Clallam County Commissioner Bill Peach. (Jesse Major/Peninsula Daily News)

Clallam County Commissioner Bill Peach. (Jesse Major/Peninsula Daily News)

Clallam County carbon emissions data move on hold

Commissioner Peach says collection company biased

PORT ANGELES — The Clallam County commissioners are considering how to track the county’s carbon footprint, but Commissioner Bill Peach doesn’t trust a company that was suggested to collect the data.

Commissioners are considering joining ICLEI-Local Governments for Sustainability for $1,200 per year, which would include access to software that is used for completing and monitoring greenhouse gas inventories.

The program, ClearPath, is used by the cities of Sequim and Port Angeles, officials said.

“One of the things that, if we move forward, we’ll be able to in concert with the cities is help ourselves as policy makers and help our citizens understand what we’re doing and what the impact of possible new strategies will look like,” said Commissioner Mark Ozias during a work session Monday.

Peach said he has “real reservations” about the organization, calling it biased.

The county partnered with the organization in 2009 and still has data from that year. For Peach, this was a reason not to use it again.

“I don’t agree with the organization and I’ll be very clear about that,” Peach said. “What I see is that they have a bias and what I want to know is what is the data they will collect.”

ICLEI works with more than 1,750 local and regional governments in more than 100 countries. It works to “influence sustainability policy and drive local action for low emission, nature-based equitable, resilient and circular development,” according to its website.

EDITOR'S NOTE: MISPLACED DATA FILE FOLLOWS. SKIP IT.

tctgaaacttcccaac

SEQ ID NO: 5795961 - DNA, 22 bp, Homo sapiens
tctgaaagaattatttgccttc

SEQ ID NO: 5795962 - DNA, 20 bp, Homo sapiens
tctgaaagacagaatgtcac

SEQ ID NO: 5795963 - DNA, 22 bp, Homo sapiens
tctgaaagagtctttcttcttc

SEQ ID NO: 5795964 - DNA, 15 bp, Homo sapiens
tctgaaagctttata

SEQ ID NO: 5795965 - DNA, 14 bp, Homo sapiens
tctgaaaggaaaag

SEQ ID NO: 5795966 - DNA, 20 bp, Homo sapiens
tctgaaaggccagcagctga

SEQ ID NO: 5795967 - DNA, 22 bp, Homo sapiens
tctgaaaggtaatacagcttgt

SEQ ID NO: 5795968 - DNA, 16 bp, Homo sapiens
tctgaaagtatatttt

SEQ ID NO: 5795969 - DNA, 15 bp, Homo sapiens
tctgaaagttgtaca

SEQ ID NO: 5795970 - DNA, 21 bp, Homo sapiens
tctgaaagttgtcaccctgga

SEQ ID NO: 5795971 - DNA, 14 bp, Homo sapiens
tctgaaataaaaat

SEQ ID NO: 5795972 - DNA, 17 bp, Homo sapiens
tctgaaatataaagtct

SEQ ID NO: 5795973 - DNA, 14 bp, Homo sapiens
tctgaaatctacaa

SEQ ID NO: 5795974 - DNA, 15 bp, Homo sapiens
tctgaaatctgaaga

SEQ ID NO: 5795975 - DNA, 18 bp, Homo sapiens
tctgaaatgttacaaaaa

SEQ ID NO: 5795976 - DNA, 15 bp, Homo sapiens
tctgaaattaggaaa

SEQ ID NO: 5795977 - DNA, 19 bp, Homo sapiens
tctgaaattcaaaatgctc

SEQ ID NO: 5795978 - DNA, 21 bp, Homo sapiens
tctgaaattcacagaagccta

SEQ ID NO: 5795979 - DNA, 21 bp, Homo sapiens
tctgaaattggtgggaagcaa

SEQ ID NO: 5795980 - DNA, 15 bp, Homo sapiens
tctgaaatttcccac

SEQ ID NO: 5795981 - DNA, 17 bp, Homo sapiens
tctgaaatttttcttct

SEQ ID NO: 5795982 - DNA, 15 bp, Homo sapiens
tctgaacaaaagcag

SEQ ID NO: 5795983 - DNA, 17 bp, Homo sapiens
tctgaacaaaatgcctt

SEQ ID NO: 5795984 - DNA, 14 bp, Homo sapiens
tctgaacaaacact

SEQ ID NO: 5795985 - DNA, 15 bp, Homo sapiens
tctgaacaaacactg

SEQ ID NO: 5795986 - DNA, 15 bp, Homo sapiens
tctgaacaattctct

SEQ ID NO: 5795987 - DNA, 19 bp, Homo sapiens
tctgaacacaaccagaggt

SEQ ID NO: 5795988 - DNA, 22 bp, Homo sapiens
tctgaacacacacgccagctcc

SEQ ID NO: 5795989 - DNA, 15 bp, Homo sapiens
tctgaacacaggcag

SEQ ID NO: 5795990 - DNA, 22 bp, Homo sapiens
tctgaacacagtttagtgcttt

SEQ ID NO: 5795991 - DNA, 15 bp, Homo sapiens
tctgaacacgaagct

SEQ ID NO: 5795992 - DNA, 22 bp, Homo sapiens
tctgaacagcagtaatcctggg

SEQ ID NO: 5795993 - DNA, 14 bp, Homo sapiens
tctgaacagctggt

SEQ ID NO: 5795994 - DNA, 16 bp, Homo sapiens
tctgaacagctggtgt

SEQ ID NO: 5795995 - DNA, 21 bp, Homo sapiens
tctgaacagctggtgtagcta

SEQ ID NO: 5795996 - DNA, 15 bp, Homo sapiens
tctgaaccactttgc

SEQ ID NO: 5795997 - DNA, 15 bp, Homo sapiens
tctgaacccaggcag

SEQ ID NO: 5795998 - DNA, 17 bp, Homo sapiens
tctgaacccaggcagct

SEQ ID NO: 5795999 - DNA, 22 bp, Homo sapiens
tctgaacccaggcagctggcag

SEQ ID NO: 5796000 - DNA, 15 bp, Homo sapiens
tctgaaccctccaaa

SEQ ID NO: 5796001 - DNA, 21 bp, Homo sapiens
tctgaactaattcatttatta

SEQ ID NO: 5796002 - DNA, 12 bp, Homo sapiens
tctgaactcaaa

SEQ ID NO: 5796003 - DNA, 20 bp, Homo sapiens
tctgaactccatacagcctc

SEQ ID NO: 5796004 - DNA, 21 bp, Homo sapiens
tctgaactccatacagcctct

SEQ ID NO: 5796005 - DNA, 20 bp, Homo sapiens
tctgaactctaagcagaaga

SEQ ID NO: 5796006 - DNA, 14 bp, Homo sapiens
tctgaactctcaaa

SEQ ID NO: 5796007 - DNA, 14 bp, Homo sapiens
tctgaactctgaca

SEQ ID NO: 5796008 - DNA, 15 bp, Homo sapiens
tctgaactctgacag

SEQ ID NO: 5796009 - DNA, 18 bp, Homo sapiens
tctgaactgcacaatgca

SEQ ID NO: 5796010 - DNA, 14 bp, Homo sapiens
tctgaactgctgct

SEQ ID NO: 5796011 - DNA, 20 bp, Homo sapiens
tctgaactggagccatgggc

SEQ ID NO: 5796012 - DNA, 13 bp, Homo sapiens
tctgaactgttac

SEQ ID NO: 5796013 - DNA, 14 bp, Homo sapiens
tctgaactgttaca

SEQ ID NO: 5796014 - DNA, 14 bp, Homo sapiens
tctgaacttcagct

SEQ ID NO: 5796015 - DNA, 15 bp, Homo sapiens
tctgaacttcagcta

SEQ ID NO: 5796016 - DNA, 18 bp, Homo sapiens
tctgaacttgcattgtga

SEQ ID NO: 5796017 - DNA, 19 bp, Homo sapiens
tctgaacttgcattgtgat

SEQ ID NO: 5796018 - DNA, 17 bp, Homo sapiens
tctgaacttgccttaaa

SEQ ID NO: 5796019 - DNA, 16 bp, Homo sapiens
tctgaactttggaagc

ClearPath is used to develop emissions inventories, forecast future emissions, analyze the cost and benefits of emissions reduction measures, visualize scenarios and to track progress, according to its website.

“I don’t want biased data to be presented without our understanding of what that bias is,” Peach said.

Ozias pressed Peach to explain what the organization’s bias is.

“Let’s look at what they are providing and what they have done in the past,” Peach said. “Why did the county step away from this organization in the past? There is a reason.”

Peach said he wasn’t sure about the details as to why the county and ICLEI went separate ways, but he knows “there was a dust up among the commissioners,” he said.

The county ended its partnership with ICLEI in 2011 after critics said the organization violates the Constitution, threatens individual liberty and promotes the United Nations Agenda 21, a global action plan for sustainability, according to Peninsula Daily News archives.

ICLEI became a controversial topic in the summer of 2011 when a vocal group of citizens criticized the commissioners during two meetings that year. The Clallam County Republicans called on the county to cut ties, calling it a “needless expense.”

Peach said he is curious about the organization’s source for the data.

All data provided for the greenhouse gas emissions inventory would be inputted into the software by the county, said Rich Meier of the commissioners’ office.

“We provide all the data into the software, so we control all the assumptions that are going in,” Meier said. “We also have the ability to verify that data.”

Ozias repeatedly asked Peach what would make him more comfortable with using the ClearPath program.

“If we can’t start cataloging and communicating what our own carbon footprint is then we are not doing our jobs, frankly,” Ozias said. “This isn’t the only tool, but it is a widely accepted tool that every other partner in our region is using. Many hundreds of municipalities across the country are utilizing it.

“To me this is almost a no-brainer,” Ozias said. “I’m not sure what I can do to help improve your comfort level with this.”

Commissioner Randy Johnson said that though he has questions about the program, he is “not against going forward,” with it.

Peach asked to have a few weeks to research ICLEI before making a decision. The other commissioners agreed.

“I’ve got no problems with the process of gathering data with which to measure,” Peach said. “I do have a problem with biased data and that’s my concern.

“We walked away from these guys before. Why?”


Reporter Jesse Major can be reached at 360-452-2345, ext. 56250, or at

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